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Monday, June 16, 2008

More info about deferred pay

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This article is reposted from a filmmaking web blog, posted by someone who wrote a book about what it takes to produce an indie film. The writer then posted chapters from the book on the website. This particular chapter is no longer on the site (they pull a post whenever they add a new one- this appears to be one of the older ones.)

(Note to Web Film School writer- I would be very happy to delete the text of this article and only provide a link to my readers, so as not to violate copyright. Just send me an active link and I will handle it right away. Thank you!)

The reason I pass it on is because it gives you, the actor, some insight on what it means from the producer perspective to get "deferred" pay. A lot of you are without agents or have agents who won't work on these levels of projects, so you need to understand what you would be negotiating for. This, of course, is written in the best interests of the producer...

Salary and Deferrals

The procedure of combining salary and deferrals, although not recommended, is commonly used by first-timers. Beginning producers always feel that to attract competent talent, they must pay large salaries. They accomplish this illusion by offering a deferral agreement, in which a pre-determined amount is paid at a later date.

A first-time filmmaker hearing that a Director should get $10,000 a week, a DP $6,000 a week, an actor $5,000 a week, etc., feels compelled to match that salary. However, knowing that these amounts are unavailable to him, the inexperienced producer tells the Director that he'll get $10,000/week: $3,000 in cash, and $7,000/week deferred. The DP is told he'll be paid $6,000/week: $1,000 cash and $5,000 deferred. The cycle continues until hundreds of thousands of dollars are built up in deferrals.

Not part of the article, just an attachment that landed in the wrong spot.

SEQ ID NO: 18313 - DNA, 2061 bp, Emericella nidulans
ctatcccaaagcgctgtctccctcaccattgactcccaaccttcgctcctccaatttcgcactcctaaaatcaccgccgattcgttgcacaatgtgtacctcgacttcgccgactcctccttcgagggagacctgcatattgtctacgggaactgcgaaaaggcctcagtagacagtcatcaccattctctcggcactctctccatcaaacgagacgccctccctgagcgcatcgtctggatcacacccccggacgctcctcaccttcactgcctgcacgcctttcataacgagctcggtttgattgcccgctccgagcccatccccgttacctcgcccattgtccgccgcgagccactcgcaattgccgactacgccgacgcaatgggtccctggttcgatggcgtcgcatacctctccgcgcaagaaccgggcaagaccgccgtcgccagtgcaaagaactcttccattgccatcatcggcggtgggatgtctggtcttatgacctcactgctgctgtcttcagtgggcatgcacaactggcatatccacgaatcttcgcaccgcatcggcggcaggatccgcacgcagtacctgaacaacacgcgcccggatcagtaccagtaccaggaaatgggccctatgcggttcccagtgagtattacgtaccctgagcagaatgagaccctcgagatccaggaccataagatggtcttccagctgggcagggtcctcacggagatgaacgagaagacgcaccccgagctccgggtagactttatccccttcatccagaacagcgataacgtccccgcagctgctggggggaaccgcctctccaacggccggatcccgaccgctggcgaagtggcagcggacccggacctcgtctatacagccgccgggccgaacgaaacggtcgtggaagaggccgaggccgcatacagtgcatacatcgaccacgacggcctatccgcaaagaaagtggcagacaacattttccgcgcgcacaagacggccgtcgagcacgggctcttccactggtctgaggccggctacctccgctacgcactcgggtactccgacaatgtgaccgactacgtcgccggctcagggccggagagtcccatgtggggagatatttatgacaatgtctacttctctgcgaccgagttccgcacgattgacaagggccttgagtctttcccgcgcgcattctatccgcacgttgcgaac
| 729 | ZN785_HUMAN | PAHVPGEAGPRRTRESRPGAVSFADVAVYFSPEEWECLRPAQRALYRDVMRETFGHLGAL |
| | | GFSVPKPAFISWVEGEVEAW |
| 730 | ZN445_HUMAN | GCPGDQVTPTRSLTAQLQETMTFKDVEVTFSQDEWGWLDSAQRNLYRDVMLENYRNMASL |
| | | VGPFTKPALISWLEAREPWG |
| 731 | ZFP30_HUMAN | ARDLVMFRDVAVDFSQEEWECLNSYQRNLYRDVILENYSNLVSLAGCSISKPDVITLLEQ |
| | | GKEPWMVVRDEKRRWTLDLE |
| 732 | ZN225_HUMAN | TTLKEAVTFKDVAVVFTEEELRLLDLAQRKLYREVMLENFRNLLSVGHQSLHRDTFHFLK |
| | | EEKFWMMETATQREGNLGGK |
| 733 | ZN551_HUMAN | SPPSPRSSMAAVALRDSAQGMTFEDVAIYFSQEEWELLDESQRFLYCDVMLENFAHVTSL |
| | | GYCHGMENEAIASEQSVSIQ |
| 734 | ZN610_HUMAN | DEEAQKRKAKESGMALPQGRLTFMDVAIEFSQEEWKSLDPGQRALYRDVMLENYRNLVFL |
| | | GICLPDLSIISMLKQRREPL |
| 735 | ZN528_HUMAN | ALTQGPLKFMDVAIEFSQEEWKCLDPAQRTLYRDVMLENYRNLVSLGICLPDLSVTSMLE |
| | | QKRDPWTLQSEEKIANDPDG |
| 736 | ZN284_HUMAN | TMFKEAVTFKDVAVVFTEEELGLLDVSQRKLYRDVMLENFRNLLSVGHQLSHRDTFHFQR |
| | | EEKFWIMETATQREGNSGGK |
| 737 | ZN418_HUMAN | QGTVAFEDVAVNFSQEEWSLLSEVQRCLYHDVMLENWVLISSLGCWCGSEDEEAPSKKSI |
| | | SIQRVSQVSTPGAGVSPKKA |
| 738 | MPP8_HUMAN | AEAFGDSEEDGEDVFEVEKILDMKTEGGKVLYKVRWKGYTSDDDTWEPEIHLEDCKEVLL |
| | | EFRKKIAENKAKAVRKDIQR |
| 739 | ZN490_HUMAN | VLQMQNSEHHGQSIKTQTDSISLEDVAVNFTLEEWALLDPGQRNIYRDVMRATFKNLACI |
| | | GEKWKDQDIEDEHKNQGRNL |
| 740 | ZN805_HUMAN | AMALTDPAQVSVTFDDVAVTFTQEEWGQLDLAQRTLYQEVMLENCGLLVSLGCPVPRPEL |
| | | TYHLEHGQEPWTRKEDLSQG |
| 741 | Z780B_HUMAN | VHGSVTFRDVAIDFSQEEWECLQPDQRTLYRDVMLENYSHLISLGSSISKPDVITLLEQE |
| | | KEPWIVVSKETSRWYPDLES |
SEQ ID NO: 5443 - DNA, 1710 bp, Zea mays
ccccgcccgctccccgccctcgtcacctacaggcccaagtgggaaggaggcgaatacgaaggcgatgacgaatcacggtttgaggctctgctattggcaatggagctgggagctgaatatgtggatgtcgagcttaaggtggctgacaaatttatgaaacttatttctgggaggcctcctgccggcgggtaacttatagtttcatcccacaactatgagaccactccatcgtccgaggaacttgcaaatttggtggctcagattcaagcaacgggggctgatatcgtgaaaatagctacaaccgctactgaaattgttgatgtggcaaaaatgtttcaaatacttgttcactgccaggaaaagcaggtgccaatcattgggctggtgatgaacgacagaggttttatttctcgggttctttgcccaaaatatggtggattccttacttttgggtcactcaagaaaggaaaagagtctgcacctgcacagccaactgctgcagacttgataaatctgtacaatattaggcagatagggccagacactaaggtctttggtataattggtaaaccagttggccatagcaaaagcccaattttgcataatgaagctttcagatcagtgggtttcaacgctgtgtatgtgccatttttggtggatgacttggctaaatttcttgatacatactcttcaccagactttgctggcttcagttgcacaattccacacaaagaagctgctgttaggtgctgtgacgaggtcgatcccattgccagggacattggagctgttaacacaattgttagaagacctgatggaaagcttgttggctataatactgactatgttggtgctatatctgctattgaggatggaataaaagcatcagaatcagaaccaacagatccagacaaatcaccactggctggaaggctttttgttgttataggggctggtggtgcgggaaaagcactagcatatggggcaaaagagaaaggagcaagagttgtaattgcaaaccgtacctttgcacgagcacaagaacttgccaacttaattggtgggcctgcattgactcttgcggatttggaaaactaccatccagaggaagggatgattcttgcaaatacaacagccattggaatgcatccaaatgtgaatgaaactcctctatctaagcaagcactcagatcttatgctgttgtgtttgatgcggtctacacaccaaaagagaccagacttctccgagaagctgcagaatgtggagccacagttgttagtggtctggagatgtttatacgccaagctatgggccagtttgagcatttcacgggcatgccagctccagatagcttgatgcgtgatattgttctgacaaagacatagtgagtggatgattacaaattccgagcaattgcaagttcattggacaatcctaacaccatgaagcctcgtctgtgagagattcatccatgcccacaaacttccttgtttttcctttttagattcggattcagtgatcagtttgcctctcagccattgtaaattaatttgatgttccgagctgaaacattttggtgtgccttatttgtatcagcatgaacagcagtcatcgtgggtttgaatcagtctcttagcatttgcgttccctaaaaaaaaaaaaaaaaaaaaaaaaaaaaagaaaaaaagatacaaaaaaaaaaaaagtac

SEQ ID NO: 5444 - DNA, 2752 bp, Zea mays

The upside of deferrals is that cast and crew feel more appreciated. The downside is that if not extremely careful, you will encumber the sale of your finished project to a distributor because the outstanding deferrals, which are actually debts, could be ridiculously high.

IMPORTANT POINT: If you use deferrals with crew, be sure to tell them that deferrals will be paid out of profits. This sounds fair. However, when you write the employment contract, use the phrase Net Producer’s Profits in the place of the more generic “profits”. The reason is, that there probably won’t be Profits, there likely won’t be Net Profits, and there very likely won’t be Net Producer Profits. In effect, you owe them nothing, even though the film got made, distributed and earned revenues.

Finally, a word to the wise: Based on years of hiring non-union, low-budget crews, I recommend not using deferrals. It merely complicates matters. I discovered that I can hire the same person whether I say, "I'll pay you $2,000/week, $600 in cash, with $1,400 deferred," or simply say, "I know what you’re worth. If you’re not doing anything for the next 1-3 weeks please help me….But I only have $600/week." I have always gotten the employee I wanted, if he/she was available, without the bullshit and the complications created by using deferrals.

However, I realize that most first-timers are insecure about negotiating with crew and talent. Therefore, if necessary, use deferrals, but be sure to define deferred until the film makes net producer profits.

Below-the-Line crew are everywhere. They are in every city and state. They are looking for opportunities. Just call the local film commissioner. Get the respective production directory. Budget what you can pay, don’t be embarrassed if it is a low number. For $23,000-$35,500 you are able to obtain a 25 person professional crew for your production. Don’t pay more!



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Erin Cronican's career as a professional actor and career coach has spanned the last 25 years in New York City, Los Angeles and San Diego. She has appeared in major feature films and on television, and has done national tours of plays and musicals. She has worked in the advertising & marketing departments of major corporations, film production companies, theater magazines, and non-profit acting organizations. To learn more, check out http://www.theactorsenterprise.org.

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